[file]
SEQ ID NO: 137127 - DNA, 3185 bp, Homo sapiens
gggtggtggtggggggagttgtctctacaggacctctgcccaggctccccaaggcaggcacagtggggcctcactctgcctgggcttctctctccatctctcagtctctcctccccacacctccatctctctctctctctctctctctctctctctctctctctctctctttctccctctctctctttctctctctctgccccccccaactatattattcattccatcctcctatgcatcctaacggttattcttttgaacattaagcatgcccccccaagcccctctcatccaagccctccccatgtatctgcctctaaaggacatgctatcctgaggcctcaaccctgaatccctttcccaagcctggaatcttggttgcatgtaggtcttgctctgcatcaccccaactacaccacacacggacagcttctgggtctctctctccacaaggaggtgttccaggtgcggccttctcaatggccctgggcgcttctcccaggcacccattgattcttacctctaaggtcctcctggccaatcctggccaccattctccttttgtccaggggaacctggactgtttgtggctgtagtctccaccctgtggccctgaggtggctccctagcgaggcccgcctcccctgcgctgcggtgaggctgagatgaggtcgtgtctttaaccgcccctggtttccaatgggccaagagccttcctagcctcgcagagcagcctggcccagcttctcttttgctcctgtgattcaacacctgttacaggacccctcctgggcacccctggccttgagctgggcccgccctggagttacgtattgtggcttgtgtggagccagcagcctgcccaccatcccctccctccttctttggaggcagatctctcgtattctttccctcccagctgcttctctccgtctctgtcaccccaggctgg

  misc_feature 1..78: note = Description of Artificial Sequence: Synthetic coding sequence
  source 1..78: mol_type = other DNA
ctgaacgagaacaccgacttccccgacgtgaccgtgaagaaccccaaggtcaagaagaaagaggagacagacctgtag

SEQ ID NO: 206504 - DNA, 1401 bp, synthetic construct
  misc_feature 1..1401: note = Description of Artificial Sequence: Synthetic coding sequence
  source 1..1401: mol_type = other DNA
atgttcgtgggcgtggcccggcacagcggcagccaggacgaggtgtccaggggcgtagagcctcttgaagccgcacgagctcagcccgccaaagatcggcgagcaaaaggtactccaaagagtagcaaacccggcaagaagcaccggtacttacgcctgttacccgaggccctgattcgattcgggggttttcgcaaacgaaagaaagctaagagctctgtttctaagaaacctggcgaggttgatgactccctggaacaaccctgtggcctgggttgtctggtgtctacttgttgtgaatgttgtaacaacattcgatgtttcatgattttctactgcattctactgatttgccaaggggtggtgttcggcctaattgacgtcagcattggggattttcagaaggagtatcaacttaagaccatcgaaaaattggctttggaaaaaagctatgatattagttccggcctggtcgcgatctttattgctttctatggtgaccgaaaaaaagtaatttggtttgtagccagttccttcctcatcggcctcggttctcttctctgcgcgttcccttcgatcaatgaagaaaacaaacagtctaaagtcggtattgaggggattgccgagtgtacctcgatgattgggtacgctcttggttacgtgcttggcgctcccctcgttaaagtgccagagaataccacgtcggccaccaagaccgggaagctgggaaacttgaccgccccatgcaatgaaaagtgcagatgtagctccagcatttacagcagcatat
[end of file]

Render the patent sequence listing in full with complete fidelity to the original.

SEQ ID NO: 137127 - DNA, 3185 bp, Homo sapiens
gggtggtggtggggggagttgtctctacaggacctctgcccaggctccccaaggcaggcacagtggggcctcactctgcctgggcttctctctccatctctcagtctctcctccccacacctccatctctctctctctctctctctctctctctctctctctctctctctttctccctctctctctttctctctctctgccccccccaactatattattcattccatcctcctatgcatcctaacggttattcttttgaacattaagcatgcccccccaagcccctctcatccaagccctccccatgtatctgcctctaaaggacatgctatcctgaggcctcaaccctgaatccctttcccaagcctggaatcttggttgcatgtaggtcttgctctgcatcaccccaactacaccacacacggacagcttctgggtctctctctccacaaggaggtgttccaggtgcggccttctcaatggccctgggcgcttctcccaggcacccattgattcttacctctaaggtcctcctggccaatcctggccaccattctccttttgtccaggggaacctggactgtttgtggctgtagtctccaccctgtggccctgaggtggctccctagcgaggcccgcctcccctgcgctgcggtgaggctgagatgaggtcgtgtctttaaccgcccctggtttccaatgggccaagagccttcctagcctcgcagagcagcctggcccagcttctcttttgctcctgtgattcaacacctgttacaggacccctcctgggcacccctggccttgagctgggcccgccctggagttacgtattgtggcttgtgtggagccagcagcctgcccaccatcccctccctccttctttggaggcagatctctcgtattctttccctcccagctgcttctctccgtctctgtcaccccaggctgg

  misc_feature 1..78: note = Description of Artificial Sequence: Synthetic coding sequence
  source 1..78: mol_type = other DNA
ctgaacgagaacaccgacttccccgacgtgaccgtgaagaaccccaaggtcaagaagaaagaggagacagacctgtag

SEQ ID NO: 206504 - DNA, 1401 bp, synthetic construct
  misc_feature 1..1401: note = Description of Artificial Sequence: Synthetic coding sequence
  source 1..1401: mol_type = other DNA
atgttcgtgggcgtggcccggcacagcggcagccaggacgaggtgtccaggggcgtagagcctcttgaagccgcacgagctcagcccgccaaagatcggcgagcaaaaggtactccaaagagtagcaaacccggcaagaagcaccggtacttacgcctgttacccgaggccctgattcgattcgggggttttcgcaaacgaaagaaagctaagagctctgtttctaagaaacctggcgaggttgatgactccctggaacaaccctgtggcctgggttgtctggtgtctacttgttgtgaatgttgtaacaacattcgatgtttcatgattttctactgcattctactgatttgccaaggggtggtgttcggcctaattgacgtcagcattggggattttcagaaggagtatcaacttaagaccatcgaaaaattggctttggaaaaaagctatgatattagttccggcctggtcgcgatctttattgctttctatggtgaccgaaaaaaagtaatttggtttgtagccagttccttcctcatcggcctcggttctcttctctgcgcgttcccttcgatcaatgaagaaaacaaacagtctaaagtcggtattgaggggattgccgagtgtacctcgatgattgggtacgctcttggttacgtgcttggcgctcccctcgttaaagtgccagagaataccacgtcggccaccaagaccgggaagctgggaaacttgaccgccccatgcaatgaaaagtgcagatgtagctccagcatttacagcagcatat